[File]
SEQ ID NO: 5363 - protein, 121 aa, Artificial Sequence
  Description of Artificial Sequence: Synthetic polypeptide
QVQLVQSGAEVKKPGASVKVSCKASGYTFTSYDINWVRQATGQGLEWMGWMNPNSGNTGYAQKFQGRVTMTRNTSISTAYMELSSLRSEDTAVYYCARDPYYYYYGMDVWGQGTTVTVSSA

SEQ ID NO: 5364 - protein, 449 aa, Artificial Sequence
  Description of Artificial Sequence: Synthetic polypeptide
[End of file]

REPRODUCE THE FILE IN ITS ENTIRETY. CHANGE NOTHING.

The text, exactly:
SEQ ID NO: 5363 - protein, 121 aa, Artificial Sequence
  Description of Artificial Sequence: Synthetic polypeptide
QVQLVQSGAEVKKPGASVKVSCKASGYTFTSYDINWVRQATGQGLEWMGWMNPNSGNTGYAQKFQGRVTMTRNTSISTAYMELSSLRSEDTAVYYCARDPYYYYYGMDVWGQGTTVTVSSA

SEQ ID NO: 5364 - protein, 449 aa, Artificial Sequence
  Description of Artificial Sequence: Synthetic polypeptide